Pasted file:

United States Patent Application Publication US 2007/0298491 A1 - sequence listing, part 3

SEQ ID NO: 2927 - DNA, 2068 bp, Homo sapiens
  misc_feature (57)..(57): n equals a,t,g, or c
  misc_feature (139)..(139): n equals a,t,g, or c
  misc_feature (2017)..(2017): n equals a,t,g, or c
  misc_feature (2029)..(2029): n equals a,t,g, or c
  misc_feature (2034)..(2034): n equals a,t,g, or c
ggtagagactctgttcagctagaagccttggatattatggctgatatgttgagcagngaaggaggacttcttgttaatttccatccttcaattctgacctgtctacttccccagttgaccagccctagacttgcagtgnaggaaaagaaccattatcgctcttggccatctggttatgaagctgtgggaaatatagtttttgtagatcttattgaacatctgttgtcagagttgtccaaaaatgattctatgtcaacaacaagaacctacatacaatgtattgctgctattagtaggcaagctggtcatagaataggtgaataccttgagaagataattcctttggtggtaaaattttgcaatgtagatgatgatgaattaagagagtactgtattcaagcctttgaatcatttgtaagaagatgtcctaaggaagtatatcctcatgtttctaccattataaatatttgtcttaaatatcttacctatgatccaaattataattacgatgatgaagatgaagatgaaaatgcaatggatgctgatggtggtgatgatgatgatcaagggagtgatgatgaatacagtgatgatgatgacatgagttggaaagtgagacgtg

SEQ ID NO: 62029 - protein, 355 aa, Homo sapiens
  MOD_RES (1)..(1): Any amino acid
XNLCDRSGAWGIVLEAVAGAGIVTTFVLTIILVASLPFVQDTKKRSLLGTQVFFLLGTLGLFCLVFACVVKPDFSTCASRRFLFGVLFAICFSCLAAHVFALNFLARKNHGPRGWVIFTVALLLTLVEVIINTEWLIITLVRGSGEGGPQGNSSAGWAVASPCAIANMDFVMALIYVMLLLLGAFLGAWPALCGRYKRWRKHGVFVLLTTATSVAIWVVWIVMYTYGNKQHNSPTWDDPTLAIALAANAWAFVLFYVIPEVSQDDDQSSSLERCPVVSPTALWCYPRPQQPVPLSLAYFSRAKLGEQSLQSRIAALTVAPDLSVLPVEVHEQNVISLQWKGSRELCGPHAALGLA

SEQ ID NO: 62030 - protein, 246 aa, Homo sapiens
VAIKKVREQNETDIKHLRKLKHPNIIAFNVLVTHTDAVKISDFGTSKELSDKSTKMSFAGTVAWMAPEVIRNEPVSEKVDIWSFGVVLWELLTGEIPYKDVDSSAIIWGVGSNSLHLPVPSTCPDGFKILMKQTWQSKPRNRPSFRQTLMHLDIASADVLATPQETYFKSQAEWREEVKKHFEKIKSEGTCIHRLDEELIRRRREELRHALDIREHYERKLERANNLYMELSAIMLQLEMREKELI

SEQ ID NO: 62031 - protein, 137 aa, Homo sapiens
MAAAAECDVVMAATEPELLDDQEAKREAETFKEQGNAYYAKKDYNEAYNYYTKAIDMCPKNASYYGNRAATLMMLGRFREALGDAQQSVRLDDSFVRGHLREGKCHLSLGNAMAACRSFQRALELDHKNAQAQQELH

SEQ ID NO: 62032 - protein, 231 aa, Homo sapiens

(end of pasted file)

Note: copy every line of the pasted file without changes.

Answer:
United States Patent Application Publication US 2007/0298491 A1 - sequence listing, part 3

SEQ ID NO: 2927 - DNA, 2068 bp, Homo sapiens
  misc_feature (57)..(57): n equals a,t,g, or c
  misc_feature (139)..(139): n equals a,t,g, or c
  misc_feature (2017)..(2017): n equals a,t,g, or c
  misc_feature (2029)..(2029): n equals a,t,g, or c
  misc_feature (2034)..(2034): n equals a,t,g, or c
ggtagagactctgttcagctagaagccttggatattatggctgatatgttgagcagngaaggaggacttcttgttaatttccatccttcaattctgacctgtctacttccccagttgaccagccctagacttgcagtgnaggaaaagaaccattatcgctcttggccatctggttatgaagctgtgggaaatatagtttttgtagatcttattgaacatctgttgtcagagttgtccaaaaatgattctatgtcaacaacaagaacctacatacaatgtattgctgctattagtaggcaagctggtcatagaataggtgaataccttgagaagataattcctttggtggtaaaattttgcaatgtagatgatgatgaattaagagagtactgtattcaagcctttgaatcatttgtaagaagatgtcctaaggaagtatatcctcatgtttctaccattataaatatttgtcttaaatatcttacctatgatccaaattataattacgatgatgaagatgaagatgaaaatgcaatggatgctgatggtggtgatgatgatgatcaagggagtgatgatgaatacagtgatgatgatgacatgagttggaaagtgagacgtg

SEQ ID NO: 62029 - protein, 355 aa, Homo sapiens
  MOD_RES (1)..(1): Any amino acid
XNLCDRSGAWGIVLEAVAGAGIVTTFVLTIILVASLPFVQDTKKRSLLGTQVFFLLGTLGLFCLVFACVVKPDFSTCASRRFLFGVLFAICFSCLAAHVFALNFLARKNHGPRGWVIFTVALLLTLVEVIINTEWLIITLVRGSGEGGPQGNSSAGWAVASPCAIANMDFVMALIYVMLLLLGAFLGAWPALCGRYKRWRKHGVFVLLTTATSVAIWVVWIVMYTYGNKQHNSPTWDDPTLAIALAANAWAFVLFYVIPEVSQDDDQSSSLERCPVVSPTALWCYPRPQQPVPLSLAYFSRAKLGEQSLQSRIAALTVAPDLSVLPVEVHEQNVISLQWKGSRELCGPHAALGLA

SEQ ID NO: 62030 - protein, 246 aa, Homo sapiens
VAIKKVREQNETDIKHLRKLKHPNIIAFNVLVTHTDAVKISDFGTSKELSDKSTKMSFAGTVAWMAPEVIRNEPVSEKVDIWSFGVVLWELLTGEIPYKDVDSSAIIWGVGSNSLHLPVPSTCPDGFKILMKQTWQSKPRNRPSFRQTLMHLDIASADVLATPQETYFKSQAEWREEVKKHFEKIKSEGTCIHRLDEELIRRRREELRHALDIREHYERKLERANNLYMELSAIMLQLEMREKELI

SEQ ID NO: 62031 - protein, 137 aa, Homo sapiens
MAAAAECDVVMAATEPELLDDQEAKREAETFKEQGNAYYAKKDYNEAYNYYTKAIDMCPKNASYYGNRAATLMMLGRFREALGDAQQSVRLDDSFVRGHLREGKCHLSLGNAMAACRSFQRALELDHKNAQAQQELH

SEQ ID NO: 62032 - protein, 231 aa, Homo sapiens